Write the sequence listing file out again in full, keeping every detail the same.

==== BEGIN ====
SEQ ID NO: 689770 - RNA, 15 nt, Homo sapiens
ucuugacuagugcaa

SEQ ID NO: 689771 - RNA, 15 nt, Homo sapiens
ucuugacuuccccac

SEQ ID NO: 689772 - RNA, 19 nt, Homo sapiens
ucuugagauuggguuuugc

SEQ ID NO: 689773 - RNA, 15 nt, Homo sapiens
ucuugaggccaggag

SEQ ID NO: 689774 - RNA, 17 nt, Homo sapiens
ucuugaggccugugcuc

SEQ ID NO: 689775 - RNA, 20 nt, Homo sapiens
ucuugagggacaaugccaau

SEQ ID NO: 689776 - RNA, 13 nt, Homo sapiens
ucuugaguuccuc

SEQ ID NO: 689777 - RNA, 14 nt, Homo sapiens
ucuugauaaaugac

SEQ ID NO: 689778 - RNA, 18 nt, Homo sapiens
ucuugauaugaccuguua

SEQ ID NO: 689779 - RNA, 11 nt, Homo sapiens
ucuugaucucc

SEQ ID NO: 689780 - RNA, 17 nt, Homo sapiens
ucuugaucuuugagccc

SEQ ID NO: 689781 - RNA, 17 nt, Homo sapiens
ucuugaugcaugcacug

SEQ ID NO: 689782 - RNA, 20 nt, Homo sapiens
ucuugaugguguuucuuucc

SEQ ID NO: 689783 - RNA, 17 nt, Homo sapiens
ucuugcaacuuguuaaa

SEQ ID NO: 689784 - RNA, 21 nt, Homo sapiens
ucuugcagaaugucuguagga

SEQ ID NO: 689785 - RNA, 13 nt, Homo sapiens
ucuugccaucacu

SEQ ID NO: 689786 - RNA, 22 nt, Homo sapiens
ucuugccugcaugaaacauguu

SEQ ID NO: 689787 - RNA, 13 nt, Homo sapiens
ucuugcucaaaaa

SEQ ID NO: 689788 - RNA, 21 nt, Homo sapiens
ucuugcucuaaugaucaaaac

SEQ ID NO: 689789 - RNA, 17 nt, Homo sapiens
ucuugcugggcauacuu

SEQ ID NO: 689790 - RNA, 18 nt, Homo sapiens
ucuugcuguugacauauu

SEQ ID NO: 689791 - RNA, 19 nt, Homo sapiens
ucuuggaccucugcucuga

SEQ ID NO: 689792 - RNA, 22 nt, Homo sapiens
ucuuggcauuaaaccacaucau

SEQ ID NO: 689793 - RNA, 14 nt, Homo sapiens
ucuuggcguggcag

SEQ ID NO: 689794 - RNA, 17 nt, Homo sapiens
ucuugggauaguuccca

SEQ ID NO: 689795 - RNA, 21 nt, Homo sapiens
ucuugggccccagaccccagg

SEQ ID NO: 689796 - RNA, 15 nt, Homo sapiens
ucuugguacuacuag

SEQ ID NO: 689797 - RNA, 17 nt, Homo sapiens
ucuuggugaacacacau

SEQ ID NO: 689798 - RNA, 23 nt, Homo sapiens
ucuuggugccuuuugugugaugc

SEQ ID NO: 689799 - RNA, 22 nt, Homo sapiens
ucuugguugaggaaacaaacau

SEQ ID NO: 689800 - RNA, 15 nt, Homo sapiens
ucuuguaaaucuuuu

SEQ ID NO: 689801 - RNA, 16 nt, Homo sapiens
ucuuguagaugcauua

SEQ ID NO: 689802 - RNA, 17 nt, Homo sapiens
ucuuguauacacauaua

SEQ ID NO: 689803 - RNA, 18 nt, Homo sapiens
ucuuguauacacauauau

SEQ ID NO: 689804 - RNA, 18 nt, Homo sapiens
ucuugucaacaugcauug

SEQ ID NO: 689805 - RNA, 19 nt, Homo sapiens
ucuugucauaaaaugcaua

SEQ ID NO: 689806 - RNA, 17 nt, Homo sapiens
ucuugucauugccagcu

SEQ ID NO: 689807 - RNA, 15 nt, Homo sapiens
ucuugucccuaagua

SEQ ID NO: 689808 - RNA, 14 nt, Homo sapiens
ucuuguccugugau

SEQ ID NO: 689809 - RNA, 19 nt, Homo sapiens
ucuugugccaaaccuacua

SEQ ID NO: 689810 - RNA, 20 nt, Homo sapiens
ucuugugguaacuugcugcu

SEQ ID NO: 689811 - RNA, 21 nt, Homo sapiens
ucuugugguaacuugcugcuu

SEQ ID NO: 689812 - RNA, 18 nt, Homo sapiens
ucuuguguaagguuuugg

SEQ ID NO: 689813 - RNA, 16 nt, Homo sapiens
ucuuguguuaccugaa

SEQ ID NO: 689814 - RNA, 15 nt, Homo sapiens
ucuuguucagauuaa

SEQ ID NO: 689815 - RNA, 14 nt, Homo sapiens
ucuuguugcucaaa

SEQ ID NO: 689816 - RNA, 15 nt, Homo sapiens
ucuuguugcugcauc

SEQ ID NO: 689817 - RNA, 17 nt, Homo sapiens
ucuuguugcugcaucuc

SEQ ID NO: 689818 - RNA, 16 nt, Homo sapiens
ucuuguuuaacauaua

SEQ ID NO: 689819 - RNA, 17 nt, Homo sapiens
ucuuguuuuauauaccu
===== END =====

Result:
SEQ ID NO: 689770 - RNA, 15 nt, Homo sapiens
ucuugacuagugcaa

SEQ ID NO: 689771 - RNA, 15 nt, Homo sapiens
ucuugacuuccccac

SEQ ID NO: 689772 - RNA, 19 nt, Homo sapiens
ucuugagauuggguuuugc

SEQ ID NO: 689773 - RNA, 15 nt, Homo sapiens
ucuugaggccaggag

SEQ ID NO: 689774 - RNA, 17 nt, Homo sapiens
ucuugaggccugugcuc

SEQ ID NO: 689775 - RNA, 20 nt, Homo sapiens
ucuugagggacaaugccaau

SEQ ID NO: 689776 - RNA, 13 nt, Homo sapiens
ucuugaguuccuc

SEQ ID NO: 689777 - RNA, 14 nt, Homo sapiens
ucuugauaaaugac

SEQ ID NO: 689778 - RNA, 18 nt, Homo sapiens
ucuugauaugaccuguua

SEQ ID NO: 689779 - RNA, 11 nt, Homo sapiens
ucuugaucucc

SEQ ID NO: 689780 - RNA, 17 nt, Homo sapiens
ucuugaucuuugagccc

SEQ ID NO: 689781 - RNA, 17 nt, Homo sapiens
ucuugaugcaugcacug

SEQ ID NO: 689782 - RNA, 20 nt, Homo sapiens
ucuugaugguguuucuuucc

SEQ ID NO: 689783 - RNA, 17 nt, Homo sapiens
ucuugcaacuuguuaaa

SEQ ID NO: 689784 - RNA, 21 nt, Homo sapiens
ucuugcagaaugucuguagga

SEQ ID NO: 689785 - RNA, 13 nt, Homo sapiens
ucuugccaucacu

SEQ ID NO: 689786 - RNA, 22 nt, Homo sapiens
ucuugccugcaugaaacauguu

SEQ ID NO: 689787 - RNA, 13 nt, Homo sapiens
ucuugcucaaaaa

SEQ ID NO: 689788 - RNA, 21 nt, Homo sapiens
ucuugcucuaaugaucaaaac

SEQ ID NO: 689789 - RNA, 17 nt, Homo sapiens
ucuugcugggcauacuu

SEQ ID NO: 689790 - RNA, 18 nt, Homo sapiens
ucuugcuguugacauauu

SEQ ID NO: 689791 - RNA, 19 nt, Homo sapiens
ucuuggaccucugcucuga

SEQ ID NO: 689792 - RNA, 22 nt, Homo sapiens
ucuuggcauuaaaccacaucau

SEQ ID NO: 689793 - RNA, 14 nt, Homo sapiens
ucuuggcguggcag

SEQ ID NO: 689794 - RNA, 17 nt, Homo sapiens
ucuugggauaguuccca

SEQ ID NO: 689795 - RNA, 21 nt, Homo sapiens
ucuugggccccagaccccagg

SEQ ID NO: 689796 - RNA, 15 nt, Homo sapiens
ucuugguacuacuag

SEQ ID NO: 689797 - RNA, 17 nt, Homo sapiens
ucuuggugaacacacau

SEQ ID NO: 689798 - RNA, 23 nt, Homo sapiens
ucuuggugccuuuugugugaugc

SEQ ID NO: 689799 - RNA, 22 nt, Homo sapiens
ucuugguugaggaaacaaacau

SEQ ID NO: 689800 - RNA, 15 nt, Homo sapiens
ucuuguaaaucuuuu

SEQ ID NO: 689801 - RNA, 16 nt, Homo sapiens
ucuuguagaugcauua

SEQ ID NO: 689802 - RNA, 17 nt, Homo sapiens
ucuuguauacacauaua

SEQ ID NO: 689803 - RNA, 18 nt, Homo sapiens
ucuuguauacacauauau

SEQ ID NO: 689804 - RNA, 18 nt, Homo sapiens
ucuugucaacaugcauug

SEQ ID NO: 689805 - RNA, 19 nt, Homo sapiens
ucuugucauaaaaugcaua

SEQ ID NO: 689806 - RNA, 17 nt, Homo sapiens
ucuugucauugccagcu

SEQ ID NO: 689807 - RNA, 15 nt, Homo sapiens
ucuugucccuaagua

SEQ ID NO: 689808 - RNA, 14 nt, Homo sapiens
ucuuguccugugau

SEQ ID NO: 689809 - RNA, 19 nt, Homo sapiens
ucuugugccaaaccuacua

SEQ ID NO: 689810 - RNA, 20 nt, Homo sapiens
ucuugugguaacuugcugcu

SEQ ID NO: 689811 - RNA, 21 nt, Homo sapiens
ucuugugguaacuugcugcuu

SEQ ID NO: 689812 - RNA, 18 nt, Homo sapiens
ucuuguguaagguuuugg

SEQ ID NO: 689813 - RNA, 16 nt, Homo sapiens
ucuuguguuaccugaa

SEQ ID NO: 689814 - RNA, 15 nt, Homo sapiens
ucuuguucagauuaa

SEQ ID NO: 689815 - RNA, 14 nt, Homo sapiens
ucuuguugcucaaa

SEQ ID NO: 689816 - RNA, 15 nt, Homo sapiens
ucuuguugcugcauc

SEQ ID NO: 689817 - RNA, 17 nt, Homo sapiens
ucuuguugcugcaucuc

SEQ ID NO: 689818 - RNA, 16 nt, Homo sapiens
ucuuguuuaacauaua

SEQ ID NO: 689819 - RNA, 17 nt, Homo sapiens
ucuuguuuuauauaccu